If there are other markets, time frames, chart types you would like to see and example for just email us or post a comment. A 15 free trial is available at www.marketdelta.com/Trial_Form. Our video library is here.
The purpose of the Trader X series is to get a glimpse inside the minds of MarketDelta clients that are profitable traders. Each trader that we profile will have reported to us yearly net profits greater than $100,000. If you are interested in being featured in the Trader X series, please contact MarketDelta.
How long have you been trading?
What do you enjoy most about trading?
The challenge of it. I’m non-athletic by nature, but I feel like I can be the Michael Jordan of trading. Trading allows me to be competitive. In trading, I get to “be like Mike.”
What do you like least about trading?
Trading guru(s) who sell their systems and ideas for a whole bunch of money.
What are the top 3 factors that contributed to your success?
That’s easy. The top 2 are taped to my computer screen. Discipline and focus. I would say the 3rd is to be fluid or flexible.
What weaknesses did you have to overcome? My discipline and focus…and bullheadedness.
How long have you been using MarketDelta?
Over 2 years.
How does MarketDelta best serve your needs? What trading strategies do you use (be as general or specific as you feel comfortable)?
The Footprint chart allows me to read between the lines. I’ll share some specific setups that I use. I use the Developing Value Area (Hi, Lo, and POC) and the footprint chart settings. I setup my Footprint charts: I use the Delta setting. I have 2 Footprint charts and one profile chart (split blocks on a 405 minute profile). One monitors trades of 100 lots and above. The other monitors all trades. Then I look for chart patterns. For example: if there is consolidation above the DVAH, I see that there’s strength (click on the screenshot below for a larger view).
Every once in awhile these setups don’t work…but there are more winners than losers.
What trading books, websites, or trading educators would you recommend?
Trust your personal self. I spend 405 minutes in front of the screen most everyday. Develop your own feel. With that said, I recommend the Pete Steidlmayer and Ted Hearne 10 page primer. Understand the concept of staying and trading in one timeframe only.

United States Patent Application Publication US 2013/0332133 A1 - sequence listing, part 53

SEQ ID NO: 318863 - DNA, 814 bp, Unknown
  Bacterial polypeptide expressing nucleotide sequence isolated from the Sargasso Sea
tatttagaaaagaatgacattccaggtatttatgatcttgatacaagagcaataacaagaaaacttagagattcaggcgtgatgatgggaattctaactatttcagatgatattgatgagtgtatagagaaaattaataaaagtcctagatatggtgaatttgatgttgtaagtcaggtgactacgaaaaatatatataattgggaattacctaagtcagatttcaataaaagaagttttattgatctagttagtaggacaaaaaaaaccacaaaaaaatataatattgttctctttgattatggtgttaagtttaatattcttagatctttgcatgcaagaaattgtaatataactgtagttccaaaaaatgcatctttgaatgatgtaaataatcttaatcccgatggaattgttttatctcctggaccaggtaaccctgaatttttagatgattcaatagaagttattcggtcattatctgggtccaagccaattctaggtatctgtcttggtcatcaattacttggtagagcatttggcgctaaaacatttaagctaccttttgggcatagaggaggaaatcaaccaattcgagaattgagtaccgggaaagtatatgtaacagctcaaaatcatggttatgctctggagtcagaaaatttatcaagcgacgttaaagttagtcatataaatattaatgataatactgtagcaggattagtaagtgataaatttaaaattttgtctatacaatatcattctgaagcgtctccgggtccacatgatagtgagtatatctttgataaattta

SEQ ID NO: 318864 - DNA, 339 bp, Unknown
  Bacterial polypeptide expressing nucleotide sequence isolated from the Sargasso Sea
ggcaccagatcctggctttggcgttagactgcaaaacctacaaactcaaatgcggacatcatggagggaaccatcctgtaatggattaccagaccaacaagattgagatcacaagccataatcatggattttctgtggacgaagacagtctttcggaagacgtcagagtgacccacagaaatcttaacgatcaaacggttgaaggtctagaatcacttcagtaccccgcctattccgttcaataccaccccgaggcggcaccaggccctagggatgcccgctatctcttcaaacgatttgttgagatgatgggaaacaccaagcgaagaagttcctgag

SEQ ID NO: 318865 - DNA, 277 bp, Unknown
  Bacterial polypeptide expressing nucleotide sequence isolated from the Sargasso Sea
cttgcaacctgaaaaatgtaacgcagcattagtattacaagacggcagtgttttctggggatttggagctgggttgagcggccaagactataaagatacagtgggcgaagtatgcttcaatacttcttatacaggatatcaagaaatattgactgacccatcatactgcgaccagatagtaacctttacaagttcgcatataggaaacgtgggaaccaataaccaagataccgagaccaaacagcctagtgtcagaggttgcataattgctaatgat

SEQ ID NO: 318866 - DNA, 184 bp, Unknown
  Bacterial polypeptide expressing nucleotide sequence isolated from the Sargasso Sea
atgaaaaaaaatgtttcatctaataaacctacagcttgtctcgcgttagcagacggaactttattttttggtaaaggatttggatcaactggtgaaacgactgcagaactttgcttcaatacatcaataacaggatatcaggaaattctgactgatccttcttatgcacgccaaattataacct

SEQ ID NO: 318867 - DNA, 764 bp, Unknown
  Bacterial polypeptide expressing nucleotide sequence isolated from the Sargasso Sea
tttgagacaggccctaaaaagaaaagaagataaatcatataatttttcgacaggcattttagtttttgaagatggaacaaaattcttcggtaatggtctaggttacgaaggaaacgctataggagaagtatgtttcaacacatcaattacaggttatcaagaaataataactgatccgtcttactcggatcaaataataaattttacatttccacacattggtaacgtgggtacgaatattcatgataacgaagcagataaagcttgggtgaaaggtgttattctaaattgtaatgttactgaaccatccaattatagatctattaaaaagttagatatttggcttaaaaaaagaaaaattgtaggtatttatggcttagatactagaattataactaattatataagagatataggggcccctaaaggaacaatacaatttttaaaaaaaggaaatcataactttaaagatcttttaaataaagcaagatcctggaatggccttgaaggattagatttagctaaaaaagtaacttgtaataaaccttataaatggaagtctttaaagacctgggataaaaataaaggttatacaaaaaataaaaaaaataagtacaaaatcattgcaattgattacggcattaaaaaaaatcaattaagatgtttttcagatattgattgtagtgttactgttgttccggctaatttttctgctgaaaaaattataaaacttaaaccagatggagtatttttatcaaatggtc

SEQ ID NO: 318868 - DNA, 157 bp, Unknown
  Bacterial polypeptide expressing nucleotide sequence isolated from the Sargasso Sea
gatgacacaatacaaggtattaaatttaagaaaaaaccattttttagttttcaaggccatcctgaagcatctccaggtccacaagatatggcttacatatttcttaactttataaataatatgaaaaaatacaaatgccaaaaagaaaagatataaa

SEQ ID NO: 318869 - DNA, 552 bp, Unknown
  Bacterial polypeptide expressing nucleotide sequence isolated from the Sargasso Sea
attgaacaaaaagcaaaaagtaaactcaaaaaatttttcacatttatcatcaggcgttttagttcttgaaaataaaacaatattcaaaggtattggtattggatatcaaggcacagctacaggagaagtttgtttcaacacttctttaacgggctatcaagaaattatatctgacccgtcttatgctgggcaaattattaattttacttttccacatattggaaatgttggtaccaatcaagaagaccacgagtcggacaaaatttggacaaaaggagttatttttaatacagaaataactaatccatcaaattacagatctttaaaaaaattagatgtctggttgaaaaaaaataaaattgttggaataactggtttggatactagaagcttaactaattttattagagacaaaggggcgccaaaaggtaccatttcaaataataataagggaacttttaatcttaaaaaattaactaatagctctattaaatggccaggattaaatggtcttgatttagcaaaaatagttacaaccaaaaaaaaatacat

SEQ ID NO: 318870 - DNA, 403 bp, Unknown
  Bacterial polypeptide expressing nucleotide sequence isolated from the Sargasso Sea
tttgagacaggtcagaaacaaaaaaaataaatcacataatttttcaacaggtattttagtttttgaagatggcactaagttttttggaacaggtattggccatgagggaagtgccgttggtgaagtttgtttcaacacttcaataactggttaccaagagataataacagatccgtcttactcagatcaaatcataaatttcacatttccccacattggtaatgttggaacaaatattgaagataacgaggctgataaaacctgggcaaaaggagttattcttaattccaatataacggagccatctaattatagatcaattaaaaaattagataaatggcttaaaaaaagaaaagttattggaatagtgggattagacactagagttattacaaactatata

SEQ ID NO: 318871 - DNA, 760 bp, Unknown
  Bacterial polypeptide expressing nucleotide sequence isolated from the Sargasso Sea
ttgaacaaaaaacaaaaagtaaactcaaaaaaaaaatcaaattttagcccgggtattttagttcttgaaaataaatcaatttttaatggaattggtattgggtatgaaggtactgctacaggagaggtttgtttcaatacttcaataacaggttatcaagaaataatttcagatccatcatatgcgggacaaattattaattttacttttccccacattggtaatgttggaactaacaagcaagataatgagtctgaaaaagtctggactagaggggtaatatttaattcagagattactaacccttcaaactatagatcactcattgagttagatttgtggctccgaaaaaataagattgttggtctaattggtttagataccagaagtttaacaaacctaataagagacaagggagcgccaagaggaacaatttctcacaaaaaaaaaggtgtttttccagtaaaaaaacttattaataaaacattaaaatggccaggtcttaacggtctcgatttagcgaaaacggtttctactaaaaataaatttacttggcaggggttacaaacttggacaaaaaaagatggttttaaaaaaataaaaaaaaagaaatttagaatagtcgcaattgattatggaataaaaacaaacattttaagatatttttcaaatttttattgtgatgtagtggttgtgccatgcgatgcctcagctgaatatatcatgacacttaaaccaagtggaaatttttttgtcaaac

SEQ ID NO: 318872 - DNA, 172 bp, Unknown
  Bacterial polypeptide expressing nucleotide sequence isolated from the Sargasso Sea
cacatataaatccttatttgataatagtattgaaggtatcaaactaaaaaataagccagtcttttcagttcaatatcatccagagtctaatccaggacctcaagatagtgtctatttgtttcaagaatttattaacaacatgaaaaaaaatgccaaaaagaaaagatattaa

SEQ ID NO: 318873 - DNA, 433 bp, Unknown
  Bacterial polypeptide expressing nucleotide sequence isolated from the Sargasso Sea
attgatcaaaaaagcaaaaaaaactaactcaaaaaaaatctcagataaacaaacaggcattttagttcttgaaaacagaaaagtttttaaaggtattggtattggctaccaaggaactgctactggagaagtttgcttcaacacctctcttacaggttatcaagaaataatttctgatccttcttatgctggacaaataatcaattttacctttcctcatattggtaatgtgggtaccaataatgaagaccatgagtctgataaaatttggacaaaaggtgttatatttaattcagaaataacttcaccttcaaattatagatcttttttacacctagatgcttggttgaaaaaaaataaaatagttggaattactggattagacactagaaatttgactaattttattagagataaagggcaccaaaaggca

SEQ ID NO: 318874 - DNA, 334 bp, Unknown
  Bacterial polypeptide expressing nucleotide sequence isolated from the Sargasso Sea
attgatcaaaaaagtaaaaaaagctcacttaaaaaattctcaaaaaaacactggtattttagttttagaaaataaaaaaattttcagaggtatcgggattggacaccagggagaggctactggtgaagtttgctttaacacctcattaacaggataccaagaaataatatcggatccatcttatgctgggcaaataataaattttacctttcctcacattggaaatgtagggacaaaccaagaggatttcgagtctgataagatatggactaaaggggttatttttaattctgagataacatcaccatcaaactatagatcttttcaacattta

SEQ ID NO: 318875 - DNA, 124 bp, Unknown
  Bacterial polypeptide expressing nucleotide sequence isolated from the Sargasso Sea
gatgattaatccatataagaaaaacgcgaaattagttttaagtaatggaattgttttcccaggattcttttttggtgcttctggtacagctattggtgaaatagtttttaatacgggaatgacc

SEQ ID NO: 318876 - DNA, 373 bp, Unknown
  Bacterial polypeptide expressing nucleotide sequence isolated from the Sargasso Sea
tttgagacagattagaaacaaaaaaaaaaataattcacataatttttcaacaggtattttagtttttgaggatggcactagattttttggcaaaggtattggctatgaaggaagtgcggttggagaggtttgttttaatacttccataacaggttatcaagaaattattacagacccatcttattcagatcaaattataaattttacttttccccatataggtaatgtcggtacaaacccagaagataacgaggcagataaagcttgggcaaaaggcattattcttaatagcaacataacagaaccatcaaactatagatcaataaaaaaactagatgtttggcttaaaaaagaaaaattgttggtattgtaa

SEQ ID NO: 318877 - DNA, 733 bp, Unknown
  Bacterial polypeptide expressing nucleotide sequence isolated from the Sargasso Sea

I do recommend the 2 month introductory course I took from Jim Dalton and Terry Liberman. They help a trader how to learn trading (rather than being taught). I learned how to be a better left (analytical) and right brain (intuitive) balanced trader through their teaching about how the brain works.
Approximately how much money have you spent on external trading education? How many hours have you spent on education?
20 years times 405 minutes a day would be a good approximation.
Trade Management and Goals:
What advice do you have on trade and money management?
Think in terms of probabilities. At the end of the day I know I’m going to lose $1000. With that mind set, I can then accept losing and take all trades. I also know I will make $2000 a day. Thus, that nets out to 4 figures every day…hey…that’s what it’s all about.
Did you set trading goals up front in a very structured way, or did they just sort of develop as you became more successful?
My goal is to be the best trader I’m capable of being and it’s still the same as years ago. I do not set monetary goals. Rather, I just let my right brain recognize patterns that show up in the ES over and over. The monetary “points achieved” will fall in place.
Did you focus on good risk/reward trades? What timeframe do you trade?
I consider myself a scalper and trade a one minute timeframe. I trade 20-25 times a day with 75 being my max. I look to take what the market gives me which can be from 1 tick to 10 points. I only trade the e-mini S&P but I have traded the SPY and some stocks. Pick a time frame and stick with it. I trade dinky 1, 2, or 4 lots. I am a good small trader of contracts and a lousy trader of large amount of contracts.
Do you keep a trading journal?
I print out “homework” each and every day to reinforce the right brain pattern recognition. See example below on how I best learn my right brain pattern recognition (click on the screenshot for a larger view).
Any final thoughts or bits of advice?
An old floor trader friend Jeff told me you could give every one in the pit the exact hi and the exact lo for the next day and the majority will still screw it up.
Understand the market and understand yourself. Do not beat yourself.